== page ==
A guy’s gotta have gear.
Tom left the hospital with a wheelchair and a commode, and today he got a truck full of other gear to keep his engine running during home rehab.
A hemi walker, half a walker that folds up small, and with which he can walk the length of a hallway and back, at least.
A quad cane, with four-legged base for stability:
For the shower, a special seat and no-skid mat that make it easy to get in and shower while seated:
And for pool therapy tomorrow, aqua gloves and an aqua belt.
He’s locked and loaded. Ready to roll – down the sidewalk, into the gym or pool, anywhere he needs to go.
What’s amazing to me is how inexpensive these devices were – $20 or $30 apiece. They make life so much easier and safer for people who don’t have full use of their limbs and digits.
I think today of my great-great uncle Andrew Tyler, who died in 1884. In his obituary they said he was known by everyone in town as “the man who walked on his knees.”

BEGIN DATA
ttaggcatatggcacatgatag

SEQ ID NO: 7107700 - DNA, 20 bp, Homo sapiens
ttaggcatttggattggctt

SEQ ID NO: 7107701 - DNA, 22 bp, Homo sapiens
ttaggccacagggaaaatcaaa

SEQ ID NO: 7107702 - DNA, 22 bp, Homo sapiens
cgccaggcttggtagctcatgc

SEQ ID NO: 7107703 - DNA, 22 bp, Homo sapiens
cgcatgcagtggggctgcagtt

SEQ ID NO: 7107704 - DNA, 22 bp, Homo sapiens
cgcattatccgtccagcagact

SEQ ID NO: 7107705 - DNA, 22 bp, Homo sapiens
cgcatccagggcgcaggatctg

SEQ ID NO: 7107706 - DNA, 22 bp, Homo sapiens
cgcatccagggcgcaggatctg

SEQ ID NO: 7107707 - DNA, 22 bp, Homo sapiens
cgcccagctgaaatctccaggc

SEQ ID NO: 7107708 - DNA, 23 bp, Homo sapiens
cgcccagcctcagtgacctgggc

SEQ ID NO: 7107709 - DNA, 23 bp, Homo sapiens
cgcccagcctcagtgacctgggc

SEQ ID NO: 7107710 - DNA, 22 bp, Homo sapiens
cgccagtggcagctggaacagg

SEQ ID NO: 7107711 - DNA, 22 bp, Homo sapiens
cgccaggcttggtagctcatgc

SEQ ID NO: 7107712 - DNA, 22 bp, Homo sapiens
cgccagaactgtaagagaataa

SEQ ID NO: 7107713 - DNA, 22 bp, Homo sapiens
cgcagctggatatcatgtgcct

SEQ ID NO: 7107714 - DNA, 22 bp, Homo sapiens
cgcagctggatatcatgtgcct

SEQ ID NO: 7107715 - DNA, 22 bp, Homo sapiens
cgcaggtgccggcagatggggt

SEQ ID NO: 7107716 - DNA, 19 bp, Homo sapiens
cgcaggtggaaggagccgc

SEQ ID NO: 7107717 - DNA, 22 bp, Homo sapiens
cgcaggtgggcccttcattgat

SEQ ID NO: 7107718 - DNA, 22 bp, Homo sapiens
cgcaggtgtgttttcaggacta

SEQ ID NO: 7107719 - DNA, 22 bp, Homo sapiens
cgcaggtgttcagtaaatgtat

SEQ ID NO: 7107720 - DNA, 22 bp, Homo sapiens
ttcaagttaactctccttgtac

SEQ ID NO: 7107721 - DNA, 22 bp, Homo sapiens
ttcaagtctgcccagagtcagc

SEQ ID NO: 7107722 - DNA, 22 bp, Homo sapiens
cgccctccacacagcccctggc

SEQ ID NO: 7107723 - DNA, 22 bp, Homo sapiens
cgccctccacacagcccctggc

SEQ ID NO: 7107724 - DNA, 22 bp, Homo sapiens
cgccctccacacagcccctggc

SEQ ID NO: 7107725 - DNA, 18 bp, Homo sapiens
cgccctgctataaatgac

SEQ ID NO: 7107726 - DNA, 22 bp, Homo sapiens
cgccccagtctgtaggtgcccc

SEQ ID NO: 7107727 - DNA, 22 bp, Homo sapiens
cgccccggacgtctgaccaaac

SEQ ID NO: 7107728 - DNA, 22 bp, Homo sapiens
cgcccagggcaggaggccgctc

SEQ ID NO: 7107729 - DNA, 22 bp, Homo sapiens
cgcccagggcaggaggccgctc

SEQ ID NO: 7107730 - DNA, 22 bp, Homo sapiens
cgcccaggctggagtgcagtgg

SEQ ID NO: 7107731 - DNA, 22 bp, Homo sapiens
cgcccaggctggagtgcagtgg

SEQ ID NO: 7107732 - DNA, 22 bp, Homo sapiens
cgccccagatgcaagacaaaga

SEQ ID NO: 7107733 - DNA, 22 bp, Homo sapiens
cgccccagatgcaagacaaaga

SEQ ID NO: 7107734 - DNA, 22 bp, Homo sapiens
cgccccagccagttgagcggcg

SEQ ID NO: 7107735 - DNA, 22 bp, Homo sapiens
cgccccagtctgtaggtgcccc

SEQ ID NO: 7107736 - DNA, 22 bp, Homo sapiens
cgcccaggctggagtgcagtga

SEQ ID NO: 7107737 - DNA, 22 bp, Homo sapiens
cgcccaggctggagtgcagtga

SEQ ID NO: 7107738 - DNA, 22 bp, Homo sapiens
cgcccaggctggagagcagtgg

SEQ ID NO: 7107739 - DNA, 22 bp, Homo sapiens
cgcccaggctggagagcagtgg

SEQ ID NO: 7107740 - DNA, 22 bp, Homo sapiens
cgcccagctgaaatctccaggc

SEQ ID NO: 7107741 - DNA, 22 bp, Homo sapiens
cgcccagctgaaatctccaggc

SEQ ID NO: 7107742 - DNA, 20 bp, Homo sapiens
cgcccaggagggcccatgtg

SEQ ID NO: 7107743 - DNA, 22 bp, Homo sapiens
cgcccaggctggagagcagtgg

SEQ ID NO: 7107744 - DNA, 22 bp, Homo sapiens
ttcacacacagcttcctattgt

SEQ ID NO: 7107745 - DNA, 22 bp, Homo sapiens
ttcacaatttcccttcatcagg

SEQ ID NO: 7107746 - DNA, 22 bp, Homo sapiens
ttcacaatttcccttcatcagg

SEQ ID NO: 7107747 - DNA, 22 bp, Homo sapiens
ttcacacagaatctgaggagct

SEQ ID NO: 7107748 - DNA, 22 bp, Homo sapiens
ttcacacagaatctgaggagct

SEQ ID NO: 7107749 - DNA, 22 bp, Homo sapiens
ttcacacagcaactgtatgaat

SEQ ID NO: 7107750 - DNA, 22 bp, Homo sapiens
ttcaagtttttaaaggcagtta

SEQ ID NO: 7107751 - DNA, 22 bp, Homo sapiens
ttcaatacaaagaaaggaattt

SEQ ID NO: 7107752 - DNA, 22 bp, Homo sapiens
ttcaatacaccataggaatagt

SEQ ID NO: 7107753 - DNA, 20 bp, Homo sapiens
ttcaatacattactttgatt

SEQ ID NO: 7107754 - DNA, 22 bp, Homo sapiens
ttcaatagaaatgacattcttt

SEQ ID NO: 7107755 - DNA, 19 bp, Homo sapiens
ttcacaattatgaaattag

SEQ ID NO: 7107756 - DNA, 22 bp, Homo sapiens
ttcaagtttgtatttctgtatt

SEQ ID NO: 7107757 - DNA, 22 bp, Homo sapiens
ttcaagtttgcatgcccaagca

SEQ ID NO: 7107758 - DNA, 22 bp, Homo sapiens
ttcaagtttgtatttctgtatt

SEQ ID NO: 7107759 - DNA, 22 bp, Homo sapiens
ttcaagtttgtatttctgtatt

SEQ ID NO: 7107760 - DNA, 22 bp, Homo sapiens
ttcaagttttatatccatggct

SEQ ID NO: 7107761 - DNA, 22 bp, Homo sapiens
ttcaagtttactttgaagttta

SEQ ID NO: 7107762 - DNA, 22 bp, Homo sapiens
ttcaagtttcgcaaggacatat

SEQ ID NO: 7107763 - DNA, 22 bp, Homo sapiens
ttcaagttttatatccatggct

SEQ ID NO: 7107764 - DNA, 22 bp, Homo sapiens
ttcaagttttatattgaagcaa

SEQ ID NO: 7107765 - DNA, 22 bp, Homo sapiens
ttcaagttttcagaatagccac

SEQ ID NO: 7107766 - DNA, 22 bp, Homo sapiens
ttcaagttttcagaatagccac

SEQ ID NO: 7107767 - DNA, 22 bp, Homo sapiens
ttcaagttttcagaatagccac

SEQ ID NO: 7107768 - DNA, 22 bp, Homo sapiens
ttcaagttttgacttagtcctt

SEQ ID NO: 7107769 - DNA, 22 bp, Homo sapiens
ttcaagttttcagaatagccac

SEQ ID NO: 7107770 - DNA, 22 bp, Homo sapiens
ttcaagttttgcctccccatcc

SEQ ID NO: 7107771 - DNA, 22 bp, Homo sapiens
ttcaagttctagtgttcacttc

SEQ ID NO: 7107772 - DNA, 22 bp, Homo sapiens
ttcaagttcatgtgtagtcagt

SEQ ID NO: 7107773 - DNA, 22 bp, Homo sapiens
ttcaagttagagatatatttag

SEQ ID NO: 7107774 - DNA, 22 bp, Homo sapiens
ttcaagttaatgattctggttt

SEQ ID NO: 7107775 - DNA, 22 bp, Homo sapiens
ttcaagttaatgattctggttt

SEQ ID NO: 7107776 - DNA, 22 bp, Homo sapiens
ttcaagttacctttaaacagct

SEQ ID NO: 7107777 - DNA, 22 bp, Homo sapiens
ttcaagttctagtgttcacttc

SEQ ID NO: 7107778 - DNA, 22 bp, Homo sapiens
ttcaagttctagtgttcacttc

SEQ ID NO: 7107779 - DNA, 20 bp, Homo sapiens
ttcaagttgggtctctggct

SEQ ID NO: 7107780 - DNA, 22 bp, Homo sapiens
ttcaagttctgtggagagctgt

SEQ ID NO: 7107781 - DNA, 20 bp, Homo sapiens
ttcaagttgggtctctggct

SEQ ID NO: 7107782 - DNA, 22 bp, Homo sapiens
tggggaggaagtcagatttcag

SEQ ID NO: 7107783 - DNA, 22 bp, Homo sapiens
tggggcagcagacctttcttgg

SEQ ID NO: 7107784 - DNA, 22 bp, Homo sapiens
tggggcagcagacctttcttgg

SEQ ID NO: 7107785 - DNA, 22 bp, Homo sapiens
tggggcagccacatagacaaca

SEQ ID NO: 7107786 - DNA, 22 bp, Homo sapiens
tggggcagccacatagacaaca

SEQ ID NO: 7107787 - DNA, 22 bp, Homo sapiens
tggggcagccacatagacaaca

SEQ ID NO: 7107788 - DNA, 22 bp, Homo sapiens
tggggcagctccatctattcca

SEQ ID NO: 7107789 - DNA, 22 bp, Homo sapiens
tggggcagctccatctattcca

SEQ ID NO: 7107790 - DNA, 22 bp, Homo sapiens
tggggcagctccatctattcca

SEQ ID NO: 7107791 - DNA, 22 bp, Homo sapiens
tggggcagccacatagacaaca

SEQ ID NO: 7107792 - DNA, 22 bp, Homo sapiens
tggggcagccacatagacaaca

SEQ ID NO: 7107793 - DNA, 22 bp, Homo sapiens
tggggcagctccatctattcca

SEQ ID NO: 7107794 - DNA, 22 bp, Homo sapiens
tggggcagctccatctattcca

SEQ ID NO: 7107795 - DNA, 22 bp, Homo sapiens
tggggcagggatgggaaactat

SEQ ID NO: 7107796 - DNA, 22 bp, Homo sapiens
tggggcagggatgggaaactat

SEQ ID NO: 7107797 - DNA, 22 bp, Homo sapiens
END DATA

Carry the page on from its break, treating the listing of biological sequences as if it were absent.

I had thought he was crippled from polio, but a distant relative said that Andrew had been a double amputee.
He got around town on a board with wheels.
I try to imagine the difficulty and humiliation of having to move at ground level like an animal, on a board with wheels – in a town without cutaways or ramps in the sidewalks.
Yet he owned a store in town, and was a “genial businessman and could always be found at work.”
People like Andrew Tyler made us understand that physical ability isn’t the measure of a person’s character or success. In opening minds, they helped break down the barricades for Americans with disabilities.
So in a way, Andrew Tyler’s pain and trials were part of what drove the production of all these great, inexpensive mobility devices that Tom benefits from today.
Today’s penny is a 1984, the 100-year anniversary of Andrew’s death. Thanks, Uncle Andrew.